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LeBlanc’s creation, gentleman thief Arsene Lupin, is everything you would expect from a French aristocrat – witty, charming, brilliant, sly . . . and possibly the greatest thief in the world. In this classic tale, Lupin comes up against the only man who may be able to stop him . . . no less than the great British gentleman-detective Herlock Sholmes! Who will emerge triumphant?
The rays of the September sun flooded the great halls of the old chateau of the Dukes of Charmerace, lighting up with their mellow glow the spoils of so many ages and many lands, jumbled together with the execrable taste which so often afflicts those whose only standard of value is money. The golden light warmed the panelled walls and old furniture to a dull lustre, and gave back to the fading gilt of the First Empire chairs and couches something of its old brightness. It illumined the long line of pictures on the walls, pictures of dead and gone Charmeraces, the stern or debonair faces of the men, soldiers, statesmen, dandies, the gentle or imperious faces of beautiful women. It flashed back from armour of brightly polished steel, and drew dull gleams from armour of bronze. The hues of rare porcelain, of the rich inlays of Oriental or Renaissance cabinets, mingled with the hues of the pictures, the tapestry, the Persian rugs about the polished floor to fill the hall with a rich glow of colour.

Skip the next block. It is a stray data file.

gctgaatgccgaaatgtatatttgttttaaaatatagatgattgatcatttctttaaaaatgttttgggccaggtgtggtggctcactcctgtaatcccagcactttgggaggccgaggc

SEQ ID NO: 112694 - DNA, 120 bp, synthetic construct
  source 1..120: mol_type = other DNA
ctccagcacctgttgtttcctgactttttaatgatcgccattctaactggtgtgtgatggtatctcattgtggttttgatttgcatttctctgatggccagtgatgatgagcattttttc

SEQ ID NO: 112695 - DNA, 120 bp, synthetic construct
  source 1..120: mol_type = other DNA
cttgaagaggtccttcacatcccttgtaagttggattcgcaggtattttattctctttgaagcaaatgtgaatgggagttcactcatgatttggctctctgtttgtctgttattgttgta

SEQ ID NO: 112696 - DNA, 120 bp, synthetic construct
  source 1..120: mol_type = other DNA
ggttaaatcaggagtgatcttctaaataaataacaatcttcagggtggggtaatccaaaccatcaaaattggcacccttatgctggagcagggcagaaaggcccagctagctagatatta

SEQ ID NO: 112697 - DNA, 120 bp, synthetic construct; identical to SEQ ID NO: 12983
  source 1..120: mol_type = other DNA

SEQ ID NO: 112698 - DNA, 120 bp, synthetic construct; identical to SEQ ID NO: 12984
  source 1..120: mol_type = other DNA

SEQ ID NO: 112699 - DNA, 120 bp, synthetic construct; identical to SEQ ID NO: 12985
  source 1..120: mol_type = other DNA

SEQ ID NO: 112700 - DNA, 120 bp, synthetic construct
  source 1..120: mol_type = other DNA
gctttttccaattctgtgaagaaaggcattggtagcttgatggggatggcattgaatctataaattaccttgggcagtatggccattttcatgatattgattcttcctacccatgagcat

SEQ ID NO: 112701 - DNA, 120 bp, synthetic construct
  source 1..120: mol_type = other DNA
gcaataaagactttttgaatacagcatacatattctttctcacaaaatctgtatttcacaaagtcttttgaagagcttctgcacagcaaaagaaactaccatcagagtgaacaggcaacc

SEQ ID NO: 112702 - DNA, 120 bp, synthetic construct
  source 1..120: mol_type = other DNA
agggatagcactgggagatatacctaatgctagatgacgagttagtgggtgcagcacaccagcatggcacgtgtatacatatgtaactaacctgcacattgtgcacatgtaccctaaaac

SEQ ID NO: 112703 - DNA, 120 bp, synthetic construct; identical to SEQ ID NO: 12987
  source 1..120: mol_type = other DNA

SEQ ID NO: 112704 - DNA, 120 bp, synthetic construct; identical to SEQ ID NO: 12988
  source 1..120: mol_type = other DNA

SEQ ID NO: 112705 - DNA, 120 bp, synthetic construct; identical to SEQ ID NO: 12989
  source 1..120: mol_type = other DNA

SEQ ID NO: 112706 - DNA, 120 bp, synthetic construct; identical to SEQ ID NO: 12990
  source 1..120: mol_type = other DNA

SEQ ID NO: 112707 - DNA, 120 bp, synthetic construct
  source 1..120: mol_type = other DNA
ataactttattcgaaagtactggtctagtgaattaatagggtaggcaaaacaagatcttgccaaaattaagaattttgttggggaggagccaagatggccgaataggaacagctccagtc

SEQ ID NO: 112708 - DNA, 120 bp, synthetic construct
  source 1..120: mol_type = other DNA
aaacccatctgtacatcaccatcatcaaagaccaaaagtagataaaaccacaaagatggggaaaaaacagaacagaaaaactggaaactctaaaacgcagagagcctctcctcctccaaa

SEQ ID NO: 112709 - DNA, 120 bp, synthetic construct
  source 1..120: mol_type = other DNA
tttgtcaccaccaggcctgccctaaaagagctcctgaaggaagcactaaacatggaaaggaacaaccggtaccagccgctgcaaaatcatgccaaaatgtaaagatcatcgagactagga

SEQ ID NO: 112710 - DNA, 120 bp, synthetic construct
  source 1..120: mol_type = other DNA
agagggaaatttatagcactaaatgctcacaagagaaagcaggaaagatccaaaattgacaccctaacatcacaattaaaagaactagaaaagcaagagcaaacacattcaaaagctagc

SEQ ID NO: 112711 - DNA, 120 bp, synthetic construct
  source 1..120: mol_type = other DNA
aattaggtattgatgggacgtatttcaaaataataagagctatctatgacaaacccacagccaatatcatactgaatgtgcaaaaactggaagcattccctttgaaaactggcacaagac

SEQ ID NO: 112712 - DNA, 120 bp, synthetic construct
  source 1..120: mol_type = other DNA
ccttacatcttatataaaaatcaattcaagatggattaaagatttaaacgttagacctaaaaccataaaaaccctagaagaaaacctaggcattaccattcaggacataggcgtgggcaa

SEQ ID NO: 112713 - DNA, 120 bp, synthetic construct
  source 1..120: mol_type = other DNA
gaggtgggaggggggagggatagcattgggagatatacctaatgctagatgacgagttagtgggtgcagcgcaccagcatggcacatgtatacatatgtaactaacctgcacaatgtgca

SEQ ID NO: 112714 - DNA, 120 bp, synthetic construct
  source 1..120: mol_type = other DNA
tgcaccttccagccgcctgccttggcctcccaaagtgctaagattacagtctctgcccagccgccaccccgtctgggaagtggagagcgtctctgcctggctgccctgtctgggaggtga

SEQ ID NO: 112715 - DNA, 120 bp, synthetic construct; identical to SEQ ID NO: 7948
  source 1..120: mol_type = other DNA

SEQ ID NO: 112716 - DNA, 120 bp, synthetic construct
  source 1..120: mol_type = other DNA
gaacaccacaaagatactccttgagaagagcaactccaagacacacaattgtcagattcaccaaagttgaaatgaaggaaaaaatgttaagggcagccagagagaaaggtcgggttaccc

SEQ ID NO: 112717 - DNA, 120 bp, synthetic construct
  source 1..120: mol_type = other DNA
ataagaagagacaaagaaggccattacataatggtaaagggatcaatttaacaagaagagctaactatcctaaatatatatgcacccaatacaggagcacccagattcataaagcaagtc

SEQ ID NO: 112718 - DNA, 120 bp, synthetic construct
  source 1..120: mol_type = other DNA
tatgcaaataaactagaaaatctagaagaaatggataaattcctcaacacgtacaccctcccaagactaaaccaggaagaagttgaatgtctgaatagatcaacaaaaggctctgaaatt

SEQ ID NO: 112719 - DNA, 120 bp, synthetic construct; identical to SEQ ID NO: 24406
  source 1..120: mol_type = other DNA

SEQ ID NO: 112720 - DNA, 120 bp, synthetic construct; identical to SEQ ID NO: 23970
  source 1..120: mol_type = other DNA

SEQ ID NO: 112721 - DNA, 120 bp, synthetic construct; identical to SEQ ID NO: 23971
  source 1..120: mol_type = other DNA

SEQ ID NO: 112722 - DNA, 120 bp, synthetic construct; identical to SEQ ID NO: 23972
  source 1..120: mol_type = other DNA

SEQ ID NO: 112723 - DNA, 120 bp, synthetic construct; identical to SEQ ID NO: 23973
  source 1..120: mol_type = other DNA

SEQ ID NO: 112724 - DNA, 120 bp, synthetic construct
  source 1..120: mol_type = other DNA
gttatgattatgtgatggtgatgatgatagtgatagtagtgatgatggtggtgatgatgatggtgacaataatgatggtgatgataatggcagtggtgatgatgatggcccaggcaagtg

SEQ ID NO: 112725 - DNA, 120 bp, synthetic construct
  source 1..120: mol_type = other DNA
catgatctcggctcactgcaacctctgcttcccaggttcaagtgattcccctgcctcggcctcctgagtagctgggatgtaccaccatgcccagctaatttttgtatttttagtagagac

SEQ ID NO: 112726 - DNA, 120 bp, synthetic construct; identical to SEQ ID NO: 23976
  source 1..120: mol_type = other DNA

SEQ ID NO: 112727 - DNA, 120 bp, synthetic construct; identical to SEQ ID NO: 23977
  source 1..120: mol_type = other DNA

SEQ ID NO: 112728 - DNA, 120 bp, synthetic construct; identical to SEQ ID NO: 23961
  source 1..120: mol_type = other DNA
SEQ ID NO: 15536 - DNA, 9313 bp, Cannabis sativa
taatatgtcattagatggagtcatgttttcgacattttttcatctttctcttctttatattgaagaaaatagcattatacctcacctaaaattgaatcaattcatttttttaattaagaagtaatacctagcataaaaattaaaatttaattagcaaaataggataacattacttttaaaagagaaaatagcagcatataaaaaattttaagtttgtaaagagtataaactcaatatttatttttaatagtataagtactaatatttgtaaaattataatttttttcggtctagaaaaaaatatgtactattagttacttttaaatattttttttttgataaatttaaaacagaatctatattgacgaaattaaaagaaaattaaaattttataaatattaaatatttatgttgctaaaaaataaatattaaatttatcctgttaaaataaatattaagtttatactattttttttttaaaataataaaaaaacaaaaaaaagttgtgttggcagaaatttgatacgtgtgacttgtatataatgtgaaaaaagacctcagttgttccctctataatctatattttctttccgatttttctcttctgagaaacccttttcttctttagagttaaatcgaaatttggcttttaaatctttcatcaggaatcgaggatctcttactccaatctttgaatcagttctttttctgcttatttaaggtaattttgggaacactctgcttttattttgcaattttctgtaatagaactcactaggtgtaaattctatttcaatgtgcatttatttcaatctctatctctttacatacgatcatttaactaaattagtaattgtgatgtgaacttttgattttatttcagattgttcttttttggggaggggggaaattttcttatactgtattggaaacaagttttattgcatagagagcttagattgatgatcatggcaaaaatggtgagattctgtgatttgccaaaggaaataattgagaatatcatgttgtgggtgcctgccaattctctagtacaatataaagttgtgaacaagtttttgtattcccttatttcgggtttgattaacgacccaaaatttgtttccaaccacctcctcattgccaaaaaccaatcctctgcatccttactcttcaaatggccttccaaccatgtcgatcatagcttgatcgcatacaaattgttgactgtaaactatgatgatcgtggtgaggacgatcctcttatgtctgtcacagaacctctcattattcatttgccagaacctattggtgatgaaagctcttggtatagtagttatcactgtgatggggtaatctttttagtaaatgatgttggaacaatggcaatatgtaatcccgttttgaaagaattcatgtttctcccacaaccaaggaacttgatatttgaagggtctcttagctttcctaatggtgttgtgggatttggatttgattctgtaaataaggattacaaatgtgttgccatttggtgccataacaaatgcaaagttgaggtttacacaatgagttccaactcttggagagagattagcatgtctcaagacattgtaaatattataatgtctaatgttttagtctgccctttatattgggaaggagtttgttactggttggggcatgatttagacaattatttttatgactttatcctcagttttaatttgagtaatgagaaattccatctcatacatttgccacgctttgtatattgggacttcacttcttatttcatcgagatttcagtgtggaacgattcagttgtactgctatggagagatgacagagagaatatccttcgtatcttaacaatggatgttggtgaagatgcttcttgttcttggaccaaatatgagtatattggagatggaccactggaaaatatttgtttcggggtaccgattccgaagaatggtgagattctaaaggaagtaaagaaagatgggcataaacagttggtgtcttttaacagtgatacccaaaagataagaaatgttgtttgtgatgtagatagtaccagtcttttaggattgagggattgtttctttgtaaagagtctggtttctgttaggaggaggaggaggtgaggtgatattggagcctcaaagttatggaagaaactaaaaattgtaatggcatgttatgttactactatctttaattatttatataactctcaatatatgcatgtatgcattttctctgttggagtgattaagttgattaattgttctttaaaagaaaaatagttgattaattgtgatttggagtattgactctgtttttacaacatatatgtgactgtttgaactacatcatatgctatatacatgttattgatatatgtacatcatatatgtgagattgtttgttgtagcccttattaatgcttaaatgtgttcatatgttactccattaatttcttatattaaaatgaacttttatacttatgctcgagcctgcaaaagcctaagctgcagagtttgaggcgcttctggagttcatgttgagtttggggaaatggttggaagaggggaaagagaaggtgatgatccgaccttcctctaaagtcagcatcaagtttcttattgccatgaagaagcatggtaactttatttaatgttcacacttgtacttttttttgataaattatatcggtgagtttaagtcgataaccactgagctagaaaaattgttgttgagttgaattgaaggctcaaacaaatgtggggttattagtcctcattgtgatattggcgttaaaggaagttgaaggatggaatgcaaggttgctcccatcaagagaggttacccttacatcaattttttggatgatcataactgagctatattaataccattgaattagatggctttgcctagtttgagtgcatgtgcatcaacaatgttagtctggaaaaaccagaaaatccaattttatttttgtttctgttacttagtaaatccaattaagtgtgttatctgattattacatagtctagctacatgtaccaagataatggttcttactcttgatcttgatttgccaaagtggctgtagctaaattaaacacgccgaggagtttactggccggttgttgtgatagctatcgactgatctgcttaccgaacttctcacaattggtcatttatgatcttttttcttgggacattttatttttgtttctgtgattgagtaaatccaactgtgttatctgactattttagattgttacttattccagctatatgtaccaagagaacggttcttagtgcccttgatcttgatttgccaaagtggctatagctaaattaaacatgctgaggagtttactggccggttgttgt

But of all the beautiful and precious things which the sun–rays warmed to a clearer beauty, the face of the girl who sat writing at a table in front of the long windows, which opened on to the centuries–old turf of the broad terrace, was the most beautiful and the most precious.
It was a delicate, almost frail, beauty. Her skin was clear with the transparent lustre of old porcelain, and her pale cheeks were only tinted with the pink of the faintest roses. Her straight nose was delicately cut, her rounded chin admirably moulded. A lover of beauty would have been at a loss whether more to admire her clear, germander eyes, so melting and so adorable, or the sensitive mouth, with its rather full lips, inviting all the kisses. But assuredly he would have been grieved by the perpetual air of sadness which rested on the beautiful face—the wistful melancholy of the Slav, deepened by something of personal misfortune and suffering.